Is James Brokenshire the man to fix the housing crisis?

At the i

“Housing” was only added to the department title in January this year, reflecting how acute the problem has got. In March the Prime Minister described the housing system as “broken”, a belated recognition by the Tories that spiralling costs are not only causing homelessness, stifling economic growth, and even preventing people from having families, but also destroying the party’s support among the under-40s.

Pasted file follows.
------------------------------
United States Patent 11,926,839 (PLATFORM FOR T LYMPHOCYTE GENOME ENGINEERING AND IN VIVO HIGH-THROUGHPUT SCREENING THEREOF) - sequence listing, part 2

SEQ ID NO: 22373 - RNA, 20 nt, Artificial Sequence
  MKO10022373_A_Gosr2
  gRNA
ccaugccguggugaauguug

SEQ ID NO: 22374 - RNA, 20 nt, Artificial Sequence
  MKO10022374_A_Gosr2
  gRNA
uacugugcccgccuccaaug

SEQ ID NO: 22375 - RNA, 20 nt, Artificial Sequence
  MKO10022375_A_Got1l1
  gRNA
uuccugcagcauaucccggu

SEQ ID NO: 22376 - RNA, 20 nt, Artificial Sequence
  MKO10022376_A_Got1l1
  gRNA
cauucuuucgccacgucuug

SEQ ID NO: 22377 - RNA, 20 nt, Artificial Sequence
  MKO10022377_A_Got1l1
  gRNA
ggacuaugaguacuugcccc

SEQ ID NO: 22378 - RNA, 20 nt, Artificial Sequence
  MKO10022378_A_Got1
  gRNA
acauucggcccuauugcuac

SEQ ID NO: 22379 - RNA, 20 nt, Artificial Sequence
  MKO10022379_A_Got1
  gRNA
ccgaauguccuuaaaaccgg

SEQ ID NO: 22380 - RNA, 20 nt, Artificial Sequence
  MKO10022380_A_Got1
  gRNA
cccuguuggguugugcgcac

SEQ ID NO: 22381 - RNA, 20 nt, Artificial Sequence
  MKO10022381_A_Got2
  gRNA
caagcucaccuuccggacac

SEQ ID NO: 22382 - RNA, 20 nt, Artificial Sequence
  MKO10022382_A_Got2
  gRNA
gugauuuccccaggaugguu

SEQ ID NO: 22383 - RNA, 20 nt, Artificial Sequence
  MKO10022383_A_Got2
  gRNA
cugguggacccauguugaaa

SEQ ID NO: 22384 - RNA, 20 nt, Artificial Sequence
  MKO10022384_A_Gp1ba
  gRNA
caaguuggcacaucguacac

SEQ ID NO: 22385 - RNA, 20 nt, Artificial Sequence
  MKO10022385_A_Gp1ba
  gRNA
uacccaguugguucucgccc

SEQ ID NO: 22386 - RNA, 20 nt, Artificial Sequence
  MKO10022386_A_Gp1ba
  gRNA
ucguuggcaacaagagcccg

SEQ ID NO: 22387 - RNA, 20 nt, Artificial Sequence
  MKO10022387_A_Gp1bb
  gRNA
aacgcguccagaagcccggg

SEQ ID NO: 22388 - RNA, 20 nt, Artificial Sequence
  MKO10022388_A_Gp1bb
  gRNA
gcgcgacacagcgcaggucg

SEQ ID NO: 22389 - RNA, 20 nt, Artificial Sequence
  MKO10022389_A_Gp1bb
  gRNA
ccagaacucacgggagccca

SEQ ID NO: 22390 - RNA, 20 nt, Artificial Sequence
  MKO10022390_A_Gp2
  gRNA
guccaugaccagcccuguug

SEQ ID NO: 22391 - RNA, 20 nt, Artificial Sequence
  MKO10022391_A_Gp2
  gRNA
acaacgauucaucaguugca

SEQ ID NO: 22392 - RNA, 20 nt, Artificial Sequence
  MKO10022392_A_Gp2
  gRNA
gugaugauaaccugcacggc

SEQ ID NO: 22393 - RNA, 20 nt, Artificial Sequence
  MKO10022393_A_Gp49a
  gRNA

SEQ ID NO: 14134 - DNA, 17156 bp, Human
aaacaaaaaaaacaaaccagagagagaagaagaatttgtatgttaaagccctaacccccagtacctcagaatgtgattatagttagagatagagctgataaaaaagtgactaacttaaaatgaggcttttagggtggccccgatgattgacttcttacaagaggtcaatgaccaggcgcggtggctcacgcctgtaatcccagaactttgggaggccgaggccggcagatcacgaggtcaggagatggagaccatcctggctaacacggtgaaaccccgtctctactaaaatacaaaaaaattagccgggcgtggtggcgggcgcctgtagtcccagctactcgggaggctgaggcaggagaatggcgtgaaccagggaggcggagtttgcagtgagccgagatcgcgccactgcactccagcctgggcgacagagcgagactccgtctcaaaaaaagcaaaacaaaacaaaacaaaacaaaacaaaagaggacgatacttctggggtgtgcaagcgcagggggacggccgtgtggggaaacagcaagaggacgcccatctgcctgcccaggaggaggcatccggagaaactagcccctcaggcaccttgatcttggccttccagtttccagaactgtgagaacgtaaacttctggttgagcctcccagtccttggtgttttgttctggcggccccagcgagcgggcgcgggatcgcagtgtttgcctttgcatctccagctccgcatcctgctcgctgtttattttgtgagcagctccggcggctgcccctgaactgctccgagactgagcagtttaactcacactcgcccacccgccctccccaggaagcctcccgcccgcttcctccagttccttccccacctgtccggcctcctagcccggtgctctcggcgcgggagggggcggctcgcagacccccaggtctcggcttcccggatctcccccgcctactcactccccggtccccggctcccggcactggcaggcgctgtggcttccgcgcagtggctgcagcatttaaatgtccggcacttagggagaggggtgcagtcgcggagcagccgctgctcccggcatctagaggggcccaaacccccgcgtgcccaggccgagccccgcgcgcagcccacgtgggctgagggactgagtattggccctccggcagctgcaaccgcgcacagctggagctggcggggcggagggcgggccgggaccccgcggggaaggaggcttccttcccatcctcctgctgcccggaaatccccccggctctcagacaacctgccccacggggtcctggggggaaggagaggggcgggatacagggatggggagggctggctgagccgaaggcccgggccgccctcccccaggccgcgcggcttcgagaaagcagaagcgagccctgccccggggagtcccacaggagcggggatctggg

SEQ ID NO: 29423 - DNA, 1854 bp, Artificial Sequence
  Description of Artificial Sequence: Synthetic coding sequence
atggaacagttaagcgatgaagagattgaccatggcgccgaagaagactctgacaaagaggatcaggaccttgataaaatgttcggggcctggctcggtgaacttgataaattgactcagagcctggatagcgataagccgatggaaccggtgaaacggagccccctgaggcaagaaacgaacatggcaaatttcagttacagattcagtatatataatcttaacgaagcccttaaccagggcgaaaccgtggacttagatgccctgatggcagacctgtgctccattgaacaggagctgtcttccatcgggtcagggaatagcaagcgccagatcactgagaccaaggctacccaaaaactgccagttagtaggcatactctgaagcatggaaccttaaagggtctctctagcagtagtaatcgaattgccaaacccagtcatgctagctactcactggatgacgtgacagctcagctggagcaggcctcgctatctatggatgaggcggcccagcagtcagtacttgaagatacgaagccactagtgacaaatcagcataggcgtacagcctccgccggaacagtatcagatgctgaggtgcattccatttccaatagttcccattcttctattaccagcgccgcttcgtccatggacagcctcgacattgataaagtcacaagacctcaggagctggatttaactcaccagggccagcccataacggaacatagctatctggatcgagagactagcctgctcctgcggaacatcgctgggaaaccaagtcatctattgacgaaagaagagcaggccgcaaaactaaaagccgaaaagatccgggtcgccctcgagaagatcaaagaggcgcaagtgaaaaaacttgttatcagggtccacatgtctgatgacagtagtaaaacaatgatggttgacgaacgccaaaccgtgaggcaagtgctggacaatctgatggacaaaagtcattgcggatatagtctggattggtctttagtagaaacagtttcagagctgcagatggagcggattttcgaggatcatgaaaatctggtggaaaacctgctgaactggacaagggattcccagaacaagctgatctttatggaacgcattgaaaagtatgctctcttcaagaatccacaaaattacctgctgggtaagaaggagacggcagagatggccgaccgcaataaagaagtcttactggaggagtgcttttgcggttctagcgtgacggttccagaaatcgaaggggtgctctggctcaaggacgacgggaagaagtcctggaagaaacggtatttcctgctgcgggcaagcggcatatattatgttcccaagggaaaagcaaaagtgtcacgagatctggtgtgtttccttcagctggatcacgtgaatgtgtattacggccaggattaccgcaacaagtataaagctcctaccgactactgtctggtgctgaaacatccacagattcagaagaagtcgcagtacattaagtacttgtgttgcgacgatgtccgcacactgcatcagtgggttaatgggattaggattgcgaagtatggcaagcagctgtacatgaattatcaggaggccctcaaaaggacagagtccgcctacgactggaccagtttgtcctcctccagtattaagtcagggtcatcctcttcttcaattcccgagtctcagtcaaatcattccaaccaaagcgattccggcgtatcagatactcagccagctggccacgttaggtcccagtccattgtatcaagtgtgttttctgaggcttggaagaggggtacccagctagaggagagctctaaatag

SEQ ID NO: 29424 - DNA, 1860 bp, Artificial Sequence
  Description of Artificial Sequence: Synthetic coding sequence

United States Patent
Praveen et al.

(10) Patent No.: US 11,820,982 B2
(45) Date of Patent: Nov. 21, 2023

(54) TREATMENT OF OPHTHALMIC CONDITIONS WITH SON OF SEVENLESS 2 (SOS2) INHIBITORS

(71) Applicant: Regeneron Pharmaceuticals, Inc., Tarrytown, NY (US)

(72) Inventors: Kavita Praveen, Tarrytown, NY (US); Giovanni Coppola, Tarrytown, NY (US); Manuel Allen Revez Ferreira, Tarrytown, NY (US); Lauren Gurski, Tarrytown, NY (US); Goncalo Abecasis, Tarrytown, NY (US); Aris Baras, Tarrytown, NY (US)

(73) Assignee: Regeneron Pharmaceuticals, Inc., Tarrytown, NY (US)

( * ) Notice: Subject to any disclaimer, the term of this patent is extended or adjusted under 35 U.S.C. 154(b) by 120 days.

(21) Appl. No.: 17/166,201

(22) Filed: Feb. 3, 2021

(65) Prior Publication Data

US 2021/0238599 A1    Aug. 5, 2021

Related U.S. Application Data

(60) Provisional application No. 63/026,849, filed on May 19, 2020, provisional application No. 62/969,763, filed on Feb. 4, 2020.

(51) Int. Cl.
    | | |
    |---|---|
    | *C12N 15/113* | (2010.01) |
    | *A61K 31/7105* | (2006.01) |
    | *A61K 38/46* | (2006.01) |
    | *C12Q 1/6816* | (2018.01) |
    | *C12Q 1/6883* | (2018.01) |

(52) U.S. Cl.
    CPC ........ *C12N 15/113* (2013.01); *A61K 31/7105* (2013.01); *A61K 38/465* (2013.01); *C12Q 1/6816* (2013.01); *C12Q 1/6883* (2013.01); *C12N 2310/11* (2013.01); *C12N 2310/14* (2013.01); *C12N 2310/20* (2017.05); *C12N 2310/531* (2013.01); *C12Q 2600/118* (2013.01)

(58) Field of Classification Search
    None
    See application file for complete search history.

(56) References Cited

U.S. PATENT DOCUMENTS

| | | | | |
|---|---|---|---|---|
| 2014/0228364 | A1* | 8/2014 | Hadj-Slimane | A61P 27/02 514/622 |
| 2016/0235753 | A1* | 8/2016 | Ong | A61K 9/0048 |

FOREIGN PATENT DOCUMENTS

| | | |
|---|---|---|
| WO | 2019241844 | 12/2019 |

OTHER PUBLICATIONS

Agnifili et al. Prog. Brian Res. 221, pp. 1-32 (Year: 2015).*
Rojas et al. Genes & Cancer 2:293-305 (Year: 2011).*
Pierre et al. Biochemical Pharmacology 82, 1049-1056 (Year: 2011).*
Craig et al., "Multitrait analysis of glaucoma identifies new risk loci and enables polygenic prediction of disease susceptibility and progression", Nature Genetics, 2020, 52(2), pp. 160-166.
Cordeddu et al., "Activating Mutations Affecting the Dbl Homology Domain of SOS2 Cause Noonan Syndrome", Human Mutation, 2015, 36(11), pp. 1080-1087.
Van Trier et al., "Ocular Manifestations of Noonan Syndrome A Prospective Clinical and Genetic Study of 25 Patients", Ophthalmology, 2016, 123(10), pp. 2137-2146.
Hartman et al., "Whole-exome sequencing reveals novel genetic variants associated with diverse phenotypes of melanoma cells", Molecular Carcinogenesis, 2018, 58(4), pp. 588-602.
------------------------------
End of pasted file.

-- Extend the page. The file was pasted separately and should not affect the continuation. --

Since 1997 house prices have increased 259 per cent while earnings have gone up 68 per cent, while the ratio between average home and average household income has leapt from 3.6 to 7.6. Unsurprisingly the proportion of homeowners has fallen from 70.9 to 62.9, and that drop is sharpest among the young. Perhaps the starkest symptom of this tragedy is the rise in homelessness, now ubiquitous in the capital, with the number of families in temporary accommodation up 50 per cent nationwide since 2010.

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